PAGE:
It’s at this point, when the crew arrives on this mysterious planet, that the most interesting and thrilling elements of Covenant take form. Act II tackles many of the looming mysteries of Prometheus in a way previously unseen in the Alien franchise. With the tradition this series followed for decades of swapping out auteur-ish directors for each installment, the Alien films each had unique visions that took the expanding tale in different directions. With Alien, Prometheus, and now Covenant, Ridley Scott is staking his claim and retrofitting this franchise to be his own. It provides a heretofore unknown continuity, but that continuity comes at apparently great cost. That said, if the saga of Michael Fassbender’s androids David (Prometheus) and Walter (Covenant) made up the bulk of this prequel series, then maybe we’d have something fantastic on our hands. Because Michael Fassbender is bringing a level of craft to these films that no one else is even approaching. He’s single handedly trying to save this franchise not only with his compelling portrayals of these androids, but his characters are consistently the best written and offer the most interesting pieces to the puzzle Scott is doling out to varying degrees of success.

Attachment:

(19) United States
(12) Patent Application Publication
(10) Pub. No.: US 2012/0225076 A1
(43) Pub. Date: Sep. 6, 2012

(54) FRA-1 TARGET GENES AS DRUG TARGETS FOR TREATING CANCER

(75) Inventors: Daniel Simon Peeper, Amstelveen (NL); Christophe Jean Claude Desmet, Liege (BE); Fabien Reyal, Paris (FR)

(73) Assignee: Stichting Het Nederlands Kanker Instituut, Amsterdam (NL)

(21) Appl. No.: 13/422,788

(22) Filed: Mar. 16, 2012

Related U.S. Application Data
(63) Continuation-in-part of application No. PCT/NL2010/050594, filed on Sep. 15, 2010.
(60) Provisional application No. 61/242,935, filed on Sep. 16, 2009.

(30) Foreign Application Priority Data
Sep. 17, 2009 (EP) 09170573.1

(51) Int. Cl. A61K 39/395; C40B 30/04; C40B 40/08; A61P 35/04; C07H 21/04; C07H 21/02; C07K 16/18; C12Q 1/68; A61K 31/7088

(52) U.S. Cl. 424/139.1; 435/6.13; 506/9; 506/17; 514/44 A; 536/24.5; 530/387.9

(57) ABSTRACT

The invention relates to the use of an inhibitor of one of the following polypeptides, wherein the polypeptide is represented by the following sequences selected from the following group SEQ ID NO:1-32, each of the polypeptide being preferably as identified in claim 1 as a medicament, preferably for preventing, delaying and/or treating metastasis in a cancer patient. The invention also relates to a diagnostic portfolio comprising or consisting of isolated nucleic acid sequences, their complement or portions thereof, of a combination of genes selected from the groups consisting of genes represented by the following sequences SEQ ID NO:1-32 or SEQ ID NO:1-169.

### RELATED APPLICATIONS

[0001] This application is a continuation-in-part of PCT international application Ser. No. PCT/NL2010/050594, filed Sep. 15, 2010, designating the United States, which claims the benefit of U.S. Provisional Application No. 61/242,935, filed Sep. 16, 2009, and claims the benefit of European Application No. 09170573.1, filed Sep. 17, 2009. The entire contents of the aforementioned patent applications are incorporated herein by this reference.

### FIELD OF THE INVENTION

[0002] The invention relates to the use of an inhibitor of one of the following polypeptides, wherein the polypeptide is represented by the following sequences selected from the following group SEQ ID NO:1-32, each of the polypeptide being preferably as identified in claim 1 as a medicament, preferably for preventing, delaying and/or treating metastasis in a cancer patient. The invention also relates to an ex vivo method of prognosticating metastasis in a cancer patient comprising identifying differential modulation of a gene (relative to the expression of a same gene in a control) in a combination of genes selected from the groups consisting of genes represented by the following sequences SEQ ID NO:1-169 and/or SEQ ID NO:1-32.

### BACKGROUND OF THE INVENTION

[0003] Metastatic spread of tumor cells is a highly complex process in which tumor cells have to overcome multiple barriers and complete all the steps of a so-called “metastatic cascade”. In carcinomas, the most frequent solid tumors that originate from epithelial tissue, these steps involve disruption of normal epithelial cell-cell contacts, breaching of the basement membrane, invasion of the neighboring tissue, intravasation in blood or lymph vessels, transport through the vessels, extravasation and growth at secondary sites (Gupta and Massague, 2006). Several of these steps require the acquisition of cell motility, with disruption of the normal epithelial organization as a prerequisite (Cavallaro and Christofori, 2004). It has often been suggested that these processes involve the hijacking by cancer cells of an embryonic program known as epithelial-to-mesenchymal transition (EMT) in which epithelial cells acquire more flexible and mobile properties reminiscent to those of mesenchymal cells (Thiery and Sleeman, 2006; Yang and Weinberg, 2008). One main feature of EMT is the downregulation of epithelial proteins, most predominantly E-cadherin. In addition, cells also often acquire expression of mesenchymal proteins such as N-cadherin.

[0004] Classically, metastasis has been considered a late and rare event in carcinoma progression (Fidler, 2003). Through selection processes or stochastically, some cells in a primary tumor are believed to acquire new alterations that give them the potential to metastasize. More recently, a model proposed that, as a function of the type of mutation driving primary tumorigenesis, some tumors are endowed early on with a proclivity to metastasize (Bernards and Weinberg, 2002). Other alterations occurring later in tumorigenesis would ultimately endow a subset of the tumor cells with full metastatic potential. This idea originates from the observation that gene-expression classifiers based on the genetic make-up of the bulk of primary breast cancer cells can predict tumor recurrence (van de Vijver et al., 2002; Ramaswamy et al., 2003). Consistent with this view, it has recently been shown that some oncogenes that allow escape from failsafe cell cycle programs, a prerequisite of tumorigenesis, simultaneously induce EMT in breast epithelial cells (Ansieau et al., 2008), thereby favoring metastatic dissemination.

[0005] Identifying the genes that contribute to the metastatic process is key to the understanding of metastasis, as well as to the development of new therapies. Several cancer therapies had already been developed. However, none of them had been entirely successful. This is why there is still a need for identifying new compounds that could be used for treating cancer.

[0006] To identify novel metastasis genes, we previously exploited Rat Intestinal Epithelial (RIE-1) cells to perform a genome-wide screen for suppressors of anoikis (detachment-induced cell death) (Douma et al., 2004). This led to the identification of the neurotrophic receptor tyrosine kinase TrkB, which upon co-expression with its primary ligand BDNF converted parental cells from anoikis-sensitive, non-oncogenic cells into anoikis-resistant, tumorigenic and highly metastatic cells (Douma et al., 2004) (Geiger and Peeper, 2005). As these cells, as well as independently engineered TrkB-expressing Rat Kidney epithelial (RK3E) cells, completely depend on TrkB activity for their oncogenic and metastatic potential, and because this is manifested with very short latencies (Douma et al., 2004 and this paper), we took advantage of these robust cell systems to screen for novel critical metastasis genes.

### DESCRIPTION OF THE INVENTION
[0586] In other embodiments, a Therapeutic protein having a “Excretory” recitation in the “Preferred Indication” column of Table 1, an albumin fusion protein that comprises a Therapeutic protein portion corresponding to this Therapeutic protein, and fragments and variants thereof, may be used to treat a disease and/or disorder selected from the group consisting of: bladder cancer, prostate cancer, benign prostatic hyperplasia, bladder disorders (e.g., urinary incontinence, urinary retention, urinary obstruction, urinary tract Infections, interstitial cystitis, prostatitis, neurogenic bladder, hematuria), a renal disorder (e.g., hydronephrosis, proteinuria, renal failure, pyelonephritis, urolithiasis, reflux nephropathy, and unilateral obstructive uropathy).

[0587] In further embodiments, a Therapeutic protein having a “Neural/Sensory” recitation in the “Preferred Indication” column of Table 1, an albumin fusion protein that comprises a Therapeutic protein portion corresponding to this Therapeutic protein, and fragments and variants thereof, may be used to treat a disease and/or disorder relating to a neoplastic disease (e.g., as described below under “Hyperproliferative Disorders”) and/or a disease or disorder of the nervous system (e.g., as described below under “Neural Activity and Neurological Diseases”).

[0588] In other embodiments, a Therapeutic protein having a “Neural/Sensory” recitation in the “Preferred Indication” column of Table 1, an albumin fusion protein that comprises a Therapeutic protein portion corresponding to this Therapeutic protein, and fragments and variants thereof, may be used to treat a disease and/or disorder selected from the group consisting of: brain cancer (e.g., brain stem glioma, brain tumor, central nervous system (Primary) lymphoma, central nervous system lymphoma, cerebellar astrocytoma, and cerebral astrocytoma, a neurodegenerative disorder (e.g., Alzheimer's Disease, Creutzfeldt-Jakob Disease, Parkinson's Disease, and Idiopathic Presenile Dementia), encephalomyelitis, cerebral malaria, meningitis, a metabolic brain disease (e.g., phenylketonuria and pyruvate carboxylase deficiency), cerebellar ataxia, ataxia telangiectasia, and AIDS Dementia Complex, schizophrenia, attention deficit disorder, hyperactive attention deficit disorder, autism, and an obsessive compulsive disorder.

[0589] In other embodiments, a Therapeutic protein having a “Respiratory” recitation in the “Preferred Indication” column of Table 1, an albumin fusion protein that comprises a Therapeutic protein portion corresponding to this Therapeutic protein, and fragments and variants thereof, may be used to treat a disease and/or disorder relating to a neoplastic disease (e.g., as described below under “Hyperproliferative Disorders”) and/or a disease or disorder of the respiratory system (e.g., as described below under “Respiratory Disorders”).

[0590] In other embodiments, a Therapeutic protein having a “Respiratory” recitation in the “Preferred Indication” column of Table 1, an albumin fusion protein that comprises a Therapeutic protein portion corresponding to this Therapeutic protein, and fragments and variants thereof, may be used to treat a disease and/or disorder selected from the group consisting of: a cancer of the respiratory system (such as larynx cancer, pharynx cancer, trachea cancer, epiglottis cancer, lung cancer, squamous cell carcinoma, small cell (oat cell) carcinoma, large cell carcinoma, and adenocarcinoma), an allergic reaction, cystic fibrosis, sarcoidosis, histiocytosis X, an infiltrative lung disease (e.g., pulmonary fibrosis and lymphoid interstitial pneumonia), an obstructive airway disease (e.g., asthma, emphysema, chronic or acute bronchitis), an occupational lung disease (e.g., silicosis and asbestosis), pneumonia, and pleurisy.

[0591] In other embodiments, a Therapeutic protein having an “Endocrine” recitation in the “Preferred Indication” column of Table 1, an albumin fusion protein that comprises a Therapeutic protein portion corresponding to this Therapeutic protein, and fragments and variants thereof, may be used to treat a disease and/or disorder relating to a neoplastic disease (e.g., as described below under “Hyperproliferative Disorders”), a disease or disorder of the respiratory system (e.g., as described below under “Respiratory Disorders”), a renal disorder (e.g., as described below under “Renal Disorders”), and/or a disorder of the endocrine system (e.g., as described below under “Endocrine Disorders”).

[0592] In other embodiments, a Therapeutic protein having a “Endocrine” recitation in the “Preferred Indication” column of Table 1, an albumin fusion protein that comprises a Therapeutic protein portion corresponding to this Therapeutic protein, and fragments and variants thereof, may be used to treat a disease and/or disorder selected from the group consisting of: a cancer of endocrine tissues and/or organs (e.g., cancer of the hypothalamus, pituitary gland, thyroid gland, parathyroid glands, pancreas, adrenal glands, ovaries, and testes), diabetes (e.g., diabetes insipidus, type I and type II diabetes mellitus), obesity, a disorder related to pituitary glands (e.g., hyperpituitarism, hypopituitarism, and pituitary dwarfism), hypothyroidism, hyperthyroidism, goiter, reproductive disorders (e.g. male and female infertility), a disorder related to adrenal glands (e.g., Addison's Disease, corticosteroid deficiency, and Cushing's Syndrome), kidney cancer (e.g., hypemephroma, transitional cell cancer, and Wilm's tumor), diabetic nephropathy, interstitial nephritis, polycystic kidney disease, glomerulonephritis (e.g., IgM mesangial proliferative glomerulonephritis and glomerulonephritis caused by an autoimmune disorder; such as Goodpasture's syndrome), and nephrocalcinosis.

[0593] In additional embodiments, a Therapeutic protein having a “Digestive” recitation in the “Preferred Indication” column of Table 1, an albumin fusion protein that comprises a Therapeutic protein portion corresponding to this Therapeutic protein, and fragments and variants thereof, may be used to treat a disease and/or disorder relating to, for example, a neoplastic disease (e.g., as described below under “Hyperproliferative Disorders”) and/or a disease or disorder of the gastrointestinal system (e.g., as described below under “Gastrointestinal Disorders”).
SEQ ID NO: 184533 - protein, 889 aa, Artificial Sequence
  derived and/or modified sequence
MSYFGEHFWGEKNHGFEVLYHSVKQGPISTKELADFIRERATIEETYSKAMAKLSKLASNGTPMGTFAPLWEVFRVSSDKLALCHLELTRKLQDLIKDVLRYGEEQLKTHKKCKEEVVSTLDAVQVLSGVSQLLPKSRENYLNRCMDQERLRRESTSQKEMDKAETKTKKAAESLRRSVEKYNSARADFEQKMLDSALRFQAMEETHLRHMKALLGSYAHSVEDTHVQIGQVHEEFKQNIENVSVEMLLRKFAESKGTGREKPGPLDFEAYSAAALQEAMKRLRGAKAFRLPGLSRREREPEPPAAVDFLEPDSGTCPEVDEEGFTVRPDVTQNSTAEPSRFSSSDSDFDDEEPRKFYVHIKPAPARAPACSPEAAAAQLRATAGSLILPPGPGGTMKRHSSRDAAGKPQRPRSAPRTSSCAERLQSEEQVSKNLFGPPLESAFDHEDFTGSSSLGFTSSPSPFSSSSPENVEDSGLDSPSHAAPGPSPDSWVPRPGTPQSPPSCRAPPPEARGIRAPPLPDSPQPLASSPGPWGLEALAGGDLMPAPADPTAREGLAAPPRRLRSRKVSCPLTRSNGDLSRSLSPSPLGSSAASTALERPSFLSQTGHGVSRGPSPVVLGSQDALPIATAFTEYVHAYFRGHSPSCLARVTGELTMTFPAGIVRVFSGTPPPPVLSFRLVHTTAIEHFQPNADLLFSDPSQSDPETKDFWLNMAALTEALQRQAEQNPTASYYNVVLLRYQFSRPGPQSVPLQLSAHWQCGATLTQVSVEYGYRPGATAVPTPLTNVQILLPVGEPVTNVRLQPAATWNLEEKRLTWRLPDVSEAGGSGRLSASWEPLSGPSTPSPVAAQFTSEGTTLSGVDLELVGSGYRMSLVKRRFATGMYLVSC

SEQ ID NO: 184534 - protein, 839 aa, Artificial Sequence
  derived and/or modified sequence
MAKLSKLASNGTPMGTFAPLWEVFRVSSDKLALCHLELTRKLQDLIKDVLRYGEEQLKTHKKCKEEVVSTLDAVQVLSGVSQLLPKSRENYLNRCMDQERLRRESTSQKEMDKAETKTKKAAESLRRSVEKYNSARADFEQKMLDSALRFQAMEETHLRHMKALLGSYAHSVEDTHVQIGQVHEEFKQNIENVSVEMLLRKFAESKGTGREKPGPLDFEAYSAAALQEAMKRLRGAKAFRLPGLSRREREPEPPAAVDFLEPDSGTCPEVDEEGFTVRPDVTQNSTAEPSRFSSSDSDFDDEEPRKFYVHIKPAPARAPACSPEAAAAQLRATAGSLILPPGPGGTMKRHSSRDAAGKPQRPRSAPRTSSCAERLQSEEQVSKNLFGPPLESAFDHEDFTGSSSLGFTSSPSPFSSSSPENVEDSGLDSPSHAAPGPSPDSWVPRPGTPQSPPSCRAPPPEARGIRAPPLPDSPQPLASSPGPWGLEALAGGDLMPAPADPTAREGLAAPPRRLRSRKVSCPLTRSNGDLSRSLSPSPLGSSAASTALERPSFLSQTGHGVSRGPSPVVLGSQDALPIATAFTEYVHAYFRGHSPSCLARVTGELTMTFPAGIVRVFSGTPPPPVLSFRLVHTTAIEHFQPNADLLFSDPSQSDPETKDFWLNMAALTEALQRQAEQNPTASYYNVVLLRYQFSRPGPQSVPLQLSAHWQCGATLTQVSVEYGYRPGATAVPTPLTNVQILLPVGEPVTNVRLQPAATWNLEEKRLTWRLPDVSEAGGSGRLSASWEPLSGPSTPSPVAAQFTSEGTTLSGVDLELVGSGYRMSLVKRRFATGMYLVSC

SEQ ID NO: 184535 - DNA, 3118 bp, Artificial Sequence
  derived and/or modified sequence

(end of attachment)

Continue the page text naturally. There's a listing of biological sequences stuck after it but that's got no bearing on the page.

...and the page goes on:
As we see how the “virus” has continued to evolve on this strange planet and as the inevitable happens when our traditional xenomorph is birthed, the questions of Prometheus go largely answered, offering the most compelling and satisfying set pieces of this film. When we inevitably segue into the final act, we’re treated to a flat re-tread of Alien that’s about as lazy as can possibly be imagined. It frankly reminds me of how the last act of Riddick was largely a remake of Pitch Black. Only it worked in Riddick, whereas here is feels like an empty tank of creativity that simply caved to audience demands of once again seeing this admittedly wonderful creature get outsmarted by our female protagonist.